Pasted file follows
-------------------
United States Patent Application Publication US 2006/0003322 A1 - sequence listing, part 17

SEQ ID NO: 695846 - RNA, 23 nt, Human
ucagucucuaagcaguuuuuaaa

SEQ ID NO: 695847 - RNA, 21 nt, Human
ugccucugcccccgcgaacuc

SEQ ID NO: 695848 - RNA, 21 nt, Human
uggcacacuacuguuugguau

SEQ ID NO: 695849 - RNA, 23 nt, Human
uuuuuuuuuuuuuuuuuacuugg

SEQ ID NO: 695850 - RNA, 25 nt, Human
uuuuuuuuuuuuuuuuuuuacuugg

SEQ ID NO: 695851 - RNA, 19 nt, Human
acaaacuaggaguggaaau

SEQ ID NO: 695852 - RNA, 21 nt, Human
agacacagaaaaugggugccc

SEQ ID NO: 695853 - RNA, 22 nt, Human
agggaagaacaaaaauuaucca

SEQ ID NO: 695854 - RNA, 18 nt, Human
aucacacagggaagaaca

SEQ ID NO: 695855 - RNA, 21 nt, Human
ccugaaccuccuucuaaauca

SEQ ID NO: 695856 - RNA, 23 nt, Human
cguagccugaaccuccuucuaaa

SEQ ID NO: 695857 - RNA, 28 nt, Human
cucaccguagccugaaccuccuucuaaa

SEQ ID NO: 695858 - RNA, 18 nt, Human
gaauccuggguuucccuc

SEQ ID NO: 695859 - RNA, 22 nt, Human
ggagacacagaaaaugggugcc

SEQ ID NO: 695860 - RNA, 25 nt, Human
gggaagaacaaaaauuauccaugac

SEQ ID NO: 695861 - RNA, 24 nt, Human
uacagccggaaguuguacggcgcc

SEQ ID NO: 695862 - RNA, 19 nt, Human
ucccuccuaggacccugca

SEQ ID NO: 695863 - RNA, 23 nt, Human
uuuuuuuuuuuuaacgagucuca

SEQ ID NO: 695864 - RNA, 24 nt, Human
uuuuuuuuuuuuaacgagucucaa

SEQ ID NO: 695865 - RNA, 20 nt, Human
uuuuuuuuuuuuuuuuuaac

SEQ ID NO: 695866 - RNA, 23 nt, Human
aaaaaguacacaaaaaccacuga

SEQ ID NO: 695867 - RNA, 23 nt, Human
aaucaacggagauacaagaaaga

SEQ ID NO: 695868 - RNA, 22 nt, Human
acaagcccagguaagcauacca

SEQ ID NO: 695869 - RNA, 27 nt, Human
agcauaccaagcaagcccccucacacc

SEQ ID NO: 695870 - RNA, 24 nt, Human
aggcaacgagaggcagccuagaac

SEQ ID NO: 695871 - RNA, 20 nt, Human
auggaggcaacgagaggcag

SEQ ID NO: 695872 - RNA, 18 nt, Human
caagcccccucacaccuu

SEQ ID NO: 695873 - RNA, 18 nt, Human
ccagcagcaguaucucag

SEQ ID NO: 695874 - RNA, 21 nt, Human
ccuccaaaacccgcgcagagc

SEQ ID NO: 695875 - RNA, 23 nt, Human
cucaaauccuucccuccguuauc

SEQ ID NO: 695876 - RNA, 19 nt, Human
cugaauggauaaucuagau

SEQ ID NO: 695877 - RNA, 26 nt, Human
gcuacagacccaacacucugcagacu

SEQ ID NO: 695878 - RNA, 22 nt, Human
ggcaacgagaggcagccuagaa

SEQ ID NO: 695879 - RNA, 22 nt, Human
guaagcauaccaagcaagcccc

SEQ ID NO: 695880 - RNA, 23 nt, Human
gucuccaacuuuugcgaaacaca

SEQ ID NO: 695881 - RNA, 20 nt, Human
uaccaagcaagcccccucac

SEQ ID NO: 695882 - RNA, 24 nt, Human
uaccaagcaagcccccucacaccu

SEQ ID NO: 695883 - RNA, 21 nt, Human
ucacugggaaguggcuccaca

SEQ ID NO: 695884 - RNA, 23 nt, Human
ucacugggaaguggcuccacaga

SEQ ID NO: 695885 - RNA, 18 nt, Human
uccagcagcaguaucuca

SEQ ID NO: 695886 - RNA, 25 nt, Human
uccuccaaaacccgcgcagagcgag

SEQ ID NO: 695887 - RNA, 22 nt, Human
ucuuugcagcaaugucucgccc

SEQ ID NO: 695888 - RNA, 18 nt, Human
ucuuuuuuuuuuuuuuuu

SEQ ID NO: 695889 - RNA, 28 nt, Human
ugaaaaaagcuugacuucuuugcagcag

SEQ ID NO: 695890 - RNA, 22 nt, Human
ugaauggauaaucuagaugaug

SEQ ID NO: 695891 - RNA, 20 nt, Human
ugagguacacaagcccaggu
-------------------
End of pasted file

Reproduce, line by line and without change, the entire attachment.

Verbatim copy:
United States Patent Application Publication US 2006/0003322 A1 - sequence listing, part 17

SEQ ID NO: 695846 - RNA, 23 nt, Human
ucagucucuaagcaguuuuuaaa

SEQ ID NO: 695847 - RNA, 21 nt, Human
ugccucugcccccgcgaacuc

SEQ ID NO: 695848 - RNA, 21 nt, Human
uggcacacuacuguuugguau

SEQ ID NO: 695849 - RNA, 23 nt, Human
uuuuuuuuuuuuuuuuuacuugg

SEQ ID NO: 695850 - RNA, 25 nt, Human
uuuuuuuuuuuuuuuuuuuacuugg

SEQ ID NO: 695851 - RNA, 19 nt, Human
acaaacuaggaguggaaau

SEQ ID NO: 695852 - RNA, 21 nt, Human
agacacagaaaaugggugccc

SEQ ID NO: 695853 - RNA, 22 nt, Human
agggaagaacaaaaauuaucca

SEQ ID NO: 695854 - RNA, 18 nt, Human
aucacacagggaagaaca

SEQ ID NO: 695855 - RNA, 21 nt, Human
ccugaaccuccuucuaaauca

SEQ ID NO: 695856 - RNA, 23 nt, Human
cguagccugaaccuccuucuaaa

SEQ ID NO: 695857 - RNA, 28 nt, Human
cucaccguagccugaaccuccuucuaaa

SEQ ID NO: 695858 - RNA, 18 nt, Human
gaauccuggguuucccuc

SEQ ID NO: 695859 - RNA, 22 nt, Human
ggagacacagaaaaugggugcc

SEQ ID NO: 695860 - RNA, 25 nt, Human
gggaagaacaaaaauuauccaugac

SEQ ID NO: 695861 - RNA, 24 nt, Human
uacagccggaaguuguacggcgcc

SEQ ID NO: 695862 - RNA, 19 nt, Human
ucccuccuaggacccugca

SEQ ID NO: 695863 - RNA, 23 nt, Human
uuuuuuuuuuuuaacgagucuca

SEQ ID NO: 695864 - RNA, 24 nt, Human
uuuuuuuuuuuuaacgagucucaa

SEQ ID NO: 695865 - RNA, 20 nt, Human
uuuuuuuuuuuuuuuuuaac

SEQ ID NO: 695866 - RNA, 23 nt, Human
aaaaaguacacaaaaaccacuga

SEQ ID NO: 695867 - RNA, 23 nt, Human
aaucaacggagauacaagaaaga

SEQ ID NO: 695868 - RNA, 22 nt, Human
acaagcccagguaagcauacca

SEQ ID NO: 695869 - RNA, 27 nt, Human
agcauaccaagcaagcccccucacacc

SEQ ID NO: 695870 - RNA, 24 nt, Human
aggcaacgagaggcagccuagaac

SEQ ID NO: 695871 - RNA, 20 nt, Human
auggaggcaacgagaggcag

SEQ ID NO: 695872 - RNA, 18 nt, Human
caagcccccucacaccuu

SEQ ID NO: 695873 - RNA, 18 nt, Human
ccagcagcaguaucucag

SEQ ID NO: 695874 - RNA, 21 nt, Human
ccuccaaaacccgcgcagagc

SEQ ID NO: 695875 - RNA, 23 nt, Human
cucaaauccuucccuccguuauc

SEQ ID NO: 695876 - RNA, 19 nt, Human
cugaauggauaaucuagau

SEQ ID NO: 695877 - RNA, 26 nt, Human
gcuacagacccaacacucugcagacu

SEQ ID NO: 695878 - RNA, 22 nt, Human
ggcaacgagaggcagccuagaa

SEQ ID NO: 695879 - RNA, 22 nt, Human
guaagcauaccaagcaagcccc

SEQ ID NO: 695880 - RNA, 23 nt, Human
gucuccaacuuuugcgaaacaca

SEQ ID NO: 695881 - RNA, 20 nt, Human
uaccaagcaagcccccucac

SEQ ID NO: 695882 - RNA, 24 nt, Human
uaccaagcaagcccccucacaccu

SEQ ID NO: 695883 - RNA, 21 nt, Human
ucacugggaaguggcuccaca

SEQ ID NO: 695884 - RNA, 23 nt, Human
ucacugggaaguggcuccacaga

SEQ ID NO: 695885 - RNA, 18 nt, Human
uccagcagcaguaucuca

SEQ ID NO: 695886 - RNA, 25 nt, Human
uccuccaaaacccgcgcagagcgag

SEQ ID NO: 695887 - RNA, 22 nt, Human
ucuuugcagcaaugucucgccc

SEQ ID NO: 695888 - RNA, 18 nt, Human
ucuuuuuuuuuuuuuuuu

SEQ ID NO: 695889 - RNA, 28 nt, Human
ugaaaaaagcuugacuucuuugcagcag

SEQ ID NO: 695890 - RNA, 22 nt, Human
ugaauggauaaucuagaugaug

SEQ ID NO: 695891 - RNA, 20 nt, Human
ugagguacacaagcccaggu